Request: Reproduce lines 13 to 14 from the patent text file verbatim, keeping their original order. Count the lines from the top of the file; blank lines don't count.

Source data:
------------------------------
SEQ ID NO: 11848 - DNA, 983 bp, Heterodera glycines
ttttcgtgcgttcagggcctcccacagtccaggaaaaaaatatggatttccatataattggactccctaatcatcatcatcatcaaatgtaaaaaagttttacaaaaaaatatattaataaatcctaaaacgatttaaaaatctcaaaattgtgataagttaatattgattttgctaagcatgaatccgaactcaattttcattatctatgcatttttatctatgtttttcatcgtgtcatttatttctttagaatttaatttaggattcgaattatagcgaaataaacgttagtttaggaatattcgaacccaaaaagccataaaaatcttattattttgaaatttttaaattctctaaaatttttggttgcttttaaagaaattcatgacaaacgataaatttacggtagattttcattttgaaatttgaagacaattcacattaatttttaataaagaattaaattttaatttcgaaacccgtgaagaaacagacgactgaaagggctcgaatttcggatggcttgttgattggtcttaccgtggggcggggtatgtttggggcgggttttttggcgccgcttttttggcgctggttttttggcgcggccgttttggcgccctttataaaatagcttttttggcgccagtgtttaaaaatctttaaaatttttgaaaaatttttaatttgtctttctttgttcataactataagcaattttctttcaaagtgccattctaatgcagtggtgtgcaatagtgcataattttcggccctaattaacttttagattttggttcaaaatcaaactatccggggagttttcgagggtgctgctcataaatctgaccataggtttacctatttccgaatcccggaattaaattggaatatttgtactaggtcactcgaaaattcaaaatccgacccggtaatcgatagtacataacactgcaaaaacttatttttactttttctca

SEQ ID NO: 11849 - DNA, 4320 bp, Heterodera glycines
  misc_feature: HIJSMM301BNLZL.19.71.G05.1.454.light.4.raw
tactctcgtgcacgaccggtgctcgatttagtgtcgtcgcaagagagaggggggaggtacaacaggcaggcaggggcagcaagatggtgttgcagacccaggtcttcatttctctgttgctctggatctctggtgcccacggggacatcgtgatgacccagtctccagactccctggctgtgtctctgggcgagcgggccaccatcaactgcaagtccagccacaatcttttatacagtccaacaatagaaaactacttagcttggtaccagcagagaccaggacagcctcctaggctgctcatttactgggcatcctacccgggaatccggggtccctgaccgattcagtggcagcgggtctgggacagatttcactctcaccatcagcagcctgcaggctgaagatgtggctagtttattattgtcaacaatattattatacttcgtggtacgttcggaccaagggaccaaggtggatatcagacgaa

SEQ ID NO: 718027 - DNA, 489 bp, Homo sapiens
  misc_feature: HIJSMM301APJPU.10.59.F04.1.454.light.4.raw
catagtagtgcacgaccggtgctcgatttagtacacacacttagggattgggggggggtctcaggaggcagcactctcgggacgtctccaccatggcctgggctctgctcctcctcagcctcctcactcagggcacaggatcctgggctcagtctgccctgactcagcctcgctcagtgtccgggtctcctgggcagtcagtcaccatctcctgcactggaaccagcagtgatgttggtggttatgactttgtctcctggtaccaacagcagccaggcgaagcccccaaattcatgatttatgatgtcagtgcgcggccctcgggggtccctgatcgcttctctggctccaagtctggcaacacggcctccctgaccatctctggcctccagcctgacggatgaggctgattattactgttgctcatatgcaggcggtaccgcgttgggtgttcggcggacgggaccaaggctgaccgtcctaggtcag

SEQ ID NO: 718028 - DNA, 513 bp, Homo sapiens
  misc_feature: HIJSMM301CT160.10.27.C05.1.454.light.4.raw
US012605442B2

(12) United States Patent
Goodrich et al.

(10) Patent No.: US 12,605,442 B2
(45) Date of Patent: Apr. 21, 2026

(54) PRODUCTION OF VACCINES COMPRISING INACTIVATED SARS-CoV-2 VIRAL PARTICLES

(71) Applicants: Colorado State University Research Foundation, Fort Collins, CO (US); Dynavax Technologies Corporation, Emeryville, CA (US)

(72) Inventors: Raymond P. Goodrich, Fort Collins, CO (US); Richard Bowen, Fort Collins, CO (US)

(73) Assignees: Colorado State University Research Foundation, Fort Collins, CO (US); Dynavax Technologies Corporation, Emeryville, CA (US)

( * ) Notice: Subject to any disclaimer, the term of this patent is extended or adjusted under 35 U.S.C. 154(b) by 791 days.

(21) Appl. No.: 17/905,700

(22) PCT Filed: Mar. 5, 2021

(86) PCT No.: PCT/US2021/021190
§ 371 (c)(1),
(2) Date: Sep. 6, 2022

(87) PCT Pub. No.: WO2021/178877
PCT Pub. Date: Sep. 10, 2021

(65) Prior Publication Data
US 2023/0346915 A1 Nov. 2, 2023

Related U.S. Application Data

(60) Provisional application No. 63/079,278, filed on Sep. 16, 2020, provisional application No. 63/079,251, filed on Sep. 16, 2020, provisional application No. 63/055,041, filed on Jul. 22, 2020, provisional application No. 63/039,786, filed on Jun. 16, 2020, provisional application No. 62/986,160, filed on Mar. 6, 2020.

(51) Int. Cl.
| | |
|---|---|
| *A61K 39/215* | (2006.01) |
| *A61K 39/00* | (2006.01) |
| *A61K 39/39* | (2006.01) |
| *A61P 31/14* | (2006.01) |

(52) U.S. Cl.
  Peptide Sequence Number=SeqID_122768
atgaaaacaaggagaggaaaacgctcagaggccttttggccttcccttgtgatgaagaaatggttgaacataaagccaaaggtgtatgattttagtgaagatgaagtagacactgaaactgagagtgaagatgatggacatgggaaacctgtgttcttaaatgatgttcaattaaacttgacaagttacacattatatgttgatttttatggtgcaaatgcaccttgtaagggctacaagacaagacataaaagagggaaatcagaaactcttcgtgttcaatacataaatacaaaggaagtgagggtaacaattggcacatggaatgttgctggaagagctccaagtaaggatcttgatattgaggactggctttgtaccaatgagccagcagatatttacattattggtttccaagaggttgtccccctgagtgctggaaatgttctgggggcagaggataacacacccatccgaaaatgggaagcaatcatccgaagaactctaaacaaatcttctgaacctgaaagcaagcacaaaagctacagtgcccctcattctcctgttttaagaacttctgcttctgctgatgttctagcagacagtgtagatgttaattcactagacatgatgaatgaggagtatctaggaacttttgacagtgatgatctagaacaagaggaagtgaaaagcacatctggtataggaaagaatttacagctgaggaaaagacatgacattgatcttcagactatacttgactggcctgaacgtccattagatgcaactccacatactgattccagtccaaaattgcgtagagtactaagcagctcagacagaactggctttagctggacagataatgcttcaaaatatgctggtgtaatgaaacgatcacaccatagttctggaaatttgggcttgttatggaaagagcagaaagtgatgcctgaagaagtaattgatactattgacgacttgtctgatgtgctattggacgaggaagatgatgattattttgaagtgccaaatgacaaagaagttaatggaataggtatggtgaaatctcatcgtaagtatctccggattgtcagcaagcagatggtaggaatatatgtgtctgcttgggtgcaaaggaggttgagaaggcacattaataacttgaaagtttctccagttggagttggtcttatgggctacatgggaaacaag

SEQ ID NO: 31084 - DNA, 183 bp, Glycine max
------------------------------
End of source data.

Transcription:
Goodrich et al.

(10) Patent No.: US 12,605,442 B2